Renfield from Hell is reading 20th Century Ghosts May 1, 2013 - 1:28pm

It looks like Stinky Fish Magazine is closed to submissions. I'll keep an eye out.

Saul Aguilar's picture
Saul Aguilar from Tucson, AZ is reading Waking Up May 1, 2013 - 2:02pm

Great article! 

It seems like there are plenty of books on how to write novels, but few on how to write short stories. Do you recommend any books dedicated to the craft of short fiction? (Aside from the recommendations you provided)

Richard's picture
Richard from St. Louis is reading various anthologies May 1, 2013 - 8:05pm

lol...stinky fish. ha.

um, saul, nothing that i can think of right now. the same things that the best novel texts talk about apply to short stories only...shorter, yeah? i'll see if i can find/think of something.

Dwayne's picture
Dwayne from Cincinnati, Ohio (suburbs) is reading books that rotate to often to keep this updated May 1, 2013 - 10:15pm

If nothing else, I can get a reaction. 

Renfield's picture
Renfield from Hell is reading 20th Century Ghosts May 2, 2013 - 5:34am

I really dig Donald Maas, looking forward to picking up that new book.

As far as craft books on short stories, I have a couple written down in my list of ones to get;

Frank O'Connor - The Lonely Voice

Damon Knight - Creating Short Fiction

Alice LaPlante - Method and Madness

I've flipped through the Frank O'Connor book, but I think the first one I would buy out of those is the Alice LaPlante book, based on reviews of its content. I'm trying to read a craft book every couple months this year, the next ones I really want to read being  Roger Rosenblatt's Unless It Moves the Human Heart and Robert Olen Butler's From Where You Dream.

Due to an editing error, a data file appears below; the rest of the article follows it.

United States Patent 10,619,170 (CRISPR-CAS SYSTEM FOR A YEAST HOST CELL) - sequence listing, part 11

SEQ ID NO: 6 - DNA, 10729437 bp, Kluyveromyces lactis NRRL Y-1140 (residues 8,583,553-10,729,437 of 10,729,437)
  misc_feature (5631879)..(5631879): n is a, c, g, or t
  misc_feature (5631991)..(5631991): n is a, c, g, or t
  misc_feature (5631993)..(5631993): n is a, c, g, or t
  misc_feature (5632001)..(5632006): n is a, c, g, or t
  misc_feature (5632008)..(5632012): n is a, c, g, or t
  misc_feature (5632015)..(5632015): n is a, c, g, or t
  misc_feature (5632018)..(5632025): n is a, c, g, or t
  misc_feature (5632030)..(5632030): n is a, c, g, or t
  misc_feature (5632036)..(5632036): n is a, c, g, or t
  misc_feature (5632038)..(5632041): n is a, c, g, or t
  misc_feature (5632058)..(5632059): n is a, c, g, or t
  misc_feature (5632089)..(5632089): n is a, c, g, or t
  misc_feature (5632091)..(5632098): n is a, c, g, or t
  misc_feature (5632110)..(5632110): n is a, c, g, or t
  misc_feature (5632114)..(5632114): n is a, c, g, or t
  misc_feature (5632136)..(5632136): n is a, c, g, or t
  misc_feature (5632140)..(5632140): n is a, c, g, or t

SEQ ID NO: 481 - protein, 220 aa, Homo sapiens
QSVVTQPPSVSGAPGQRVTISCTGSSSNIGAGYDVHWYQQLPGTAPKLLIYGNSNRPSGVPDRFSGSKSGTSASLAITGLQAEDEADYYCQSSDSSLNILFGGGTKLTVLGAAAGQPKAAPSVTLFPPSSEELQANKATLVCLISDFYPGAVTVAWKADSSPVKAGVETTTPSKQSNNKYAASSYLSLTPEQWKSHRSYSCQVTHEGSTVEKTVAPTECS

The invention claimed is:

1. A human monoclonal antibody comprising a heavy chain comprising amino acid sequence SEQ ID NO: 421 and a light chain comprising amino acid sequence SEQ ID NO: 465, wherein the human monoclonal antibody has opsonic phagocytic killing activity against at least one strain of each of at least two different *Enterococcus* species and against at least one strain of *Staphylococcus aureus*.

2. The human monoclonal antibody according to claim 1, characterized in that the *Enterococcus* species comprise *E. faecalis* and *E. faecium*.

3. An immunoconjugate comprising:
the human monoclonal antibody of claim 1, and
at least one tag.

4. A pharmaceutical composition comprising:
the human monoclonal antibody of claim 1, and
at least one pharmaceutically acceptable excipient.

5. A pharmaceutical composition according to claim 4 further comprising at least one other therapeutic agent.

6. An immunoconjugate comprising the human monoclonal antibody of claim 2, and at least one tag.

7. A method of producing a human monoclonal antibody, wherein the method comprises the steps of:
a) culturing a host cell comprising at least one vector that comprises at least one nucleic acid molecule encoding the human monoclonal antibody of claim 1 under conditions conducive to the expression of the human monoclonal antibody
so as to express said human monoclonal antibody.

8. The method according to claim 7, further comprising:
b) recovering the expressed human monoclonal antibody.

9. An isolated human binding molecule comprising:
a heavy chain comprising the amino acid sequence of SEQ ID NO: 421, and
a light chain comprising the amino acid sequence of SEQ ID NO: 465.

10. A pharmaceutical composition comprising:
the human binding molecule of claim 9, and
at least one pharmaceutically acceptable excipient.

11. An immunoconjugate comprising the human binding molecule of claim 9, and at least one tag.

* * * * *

Food for thought.

Tom1960's picture
Tom1960 from Athens, Georgia is reading Blindness by Jose Saramago May 2, 2013 - 6:19am

Thanks again for yet another helpful article.  One thing I like about short stories is that they are so easy to study.  You can learn a lot from a well crafted piece of short fiction.

Johann Thorsson's picture
Johann Thorsson from Reykjavik, Iceland is reading Echo Lake May 5, 2013 - 3:19pm

Dan Simmons has the following to say on the subject: 

One of the problems of today’s crop of would-be writers is that the great majority of them want to go straight to writing novels (or long sequences of novels, the dreaded Chronicles of Sha-na-nah) without ever mastering, or perhaps even writing, a short story. While it’s certainly true that some writers are novelists at heart rather than short-story writers (I found out that this was true of me), just skipping the short-story form is too much like a young would-be filmmaker announcing that he or she is ready to be paid to do a big-budget major motion picture even though he or she has never picked up a movie camera.

I'd have to agree.

Stuart Gibbel's picture
Stuart Gibbel from California is reading Angel Falls by Michael Paul Gonzalez May 5, 2013 - 6:52pm



Richard, why do I always have to correct you?